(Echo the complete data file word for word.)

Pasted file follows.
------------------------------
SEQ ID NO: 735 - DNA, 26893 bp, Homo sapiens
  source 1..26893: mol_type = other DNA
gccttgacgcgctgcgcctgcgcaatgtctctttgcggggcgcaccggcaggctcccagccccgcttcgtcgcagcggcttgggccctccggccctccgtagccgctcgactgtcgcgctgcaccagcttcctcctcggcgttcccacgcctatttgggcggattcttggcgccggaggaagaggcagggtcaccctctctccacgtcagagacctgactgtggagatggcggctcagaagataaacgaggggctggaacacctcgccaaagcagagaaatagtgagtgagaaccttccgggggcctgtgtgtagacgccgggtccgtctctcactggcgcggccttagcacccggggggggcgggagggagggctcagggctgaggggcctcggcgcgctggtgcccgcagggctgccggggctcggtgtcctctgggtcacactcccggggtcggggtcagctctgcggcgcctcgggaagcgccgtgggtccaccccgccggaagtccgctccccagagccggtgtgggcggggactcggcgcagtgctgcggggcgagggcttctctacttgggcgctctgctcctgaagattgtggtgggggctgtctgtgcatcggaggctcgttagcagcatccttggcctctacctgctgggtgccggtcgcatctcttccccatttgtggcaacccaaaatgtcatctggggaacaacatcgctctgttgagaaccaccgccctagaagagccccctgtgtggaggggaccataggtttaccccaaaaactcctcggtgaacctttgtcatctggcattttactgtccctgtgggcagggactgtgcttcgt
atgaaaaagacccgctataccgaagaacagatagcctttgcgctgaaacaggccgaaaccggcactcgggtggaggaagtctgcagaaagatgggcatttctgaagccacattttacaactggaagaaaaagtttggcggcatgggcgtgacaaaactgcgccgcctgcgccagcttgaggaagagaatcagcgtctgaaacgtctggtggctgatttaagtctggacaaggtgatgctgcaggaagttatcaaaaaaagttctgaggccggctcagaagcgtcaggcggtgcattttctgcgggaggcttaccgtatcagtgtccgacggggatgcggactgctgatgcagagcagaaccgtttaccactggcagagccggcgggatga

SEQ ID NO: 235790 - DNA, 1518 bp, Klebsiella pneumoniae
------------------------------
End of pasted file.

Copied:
SEQ ID NO: 735 - DNA, 26893 bp, Homo sapiens
  source 1..26893: mol_type = other DNA
gccttgacgcgctgcgcctgcgcaatgtctctttgcggggcgcaccggcaggctcccagccccgcttcgtcgcagcggcttgggccctccggccctccgtagccgctcgactgtcgcgctgcaccagcttcctcctcggcgttcccacgcctatttgggcggattcttggcgccggaggaagaggcagggtcaccctctctccacgtcagagacctgactgtggagatggcggctcagaagataaacgaggggctggaacacctcgccaaagcagagaaatagtgagtgagaaccttccgggggcctgtgtgtagacgccgggtccgtctctcactggcgcggccttagcacccggggggggcgggagggagggctcagggctgaggggcctcggcgcgctggtgcccgcagggctgccggggctcggtgtcctctgggtcacactcccggggtcggggtcagctctgcggcgcctcgggaagcgccgtgggtccaccccgccggaagtccgctccccagagccggtgtgggcggggactcggcgcagtgctgcggggcgagggcttctctacttgggcgctctgctcctgaagattgtggtgggggctgtctgtgcatcggaggctcgttagcagcatccttggcctctacctgctgggtgccggtcgcatctcttccccatttgtggcaacccaaaatgtcatctggggaacaacatcgctctgttgagaaccaccgccctagaagagccccctgtgtggaggggaccataggtttaccccaaaaactcctcggtgaacctttgtcatctggcattttactgtccctgtgggcagggactgtgcttcgt
atgaaaaagacccgctataccgaagaacagatagcctttgcgctgaaacaggccgaaaccggcactcgggtggaggaagtctgcagaaagatgggcatttctgaagccacattttacaactggaagaaaaagtttggcggcatgggcgtgacaaaactgcgccgcctgcgccagcttgaggaagagaatcagcgtctgaaacgtctggtggctgatttaagtctggacaaggtgatgctgcaggaagttatcaaaaaaagttctgaggccggctcagaagcgtcaggcggtgcattttctgcgggaggcttaccgtatcagtgtccgacggggatgcggactgctgatgcagagcagaaccgtttaccactggcagagccggcgggatga

SEQ ID NO: 235790 - DNA, 1518 bp, Klebsiella pneumoniae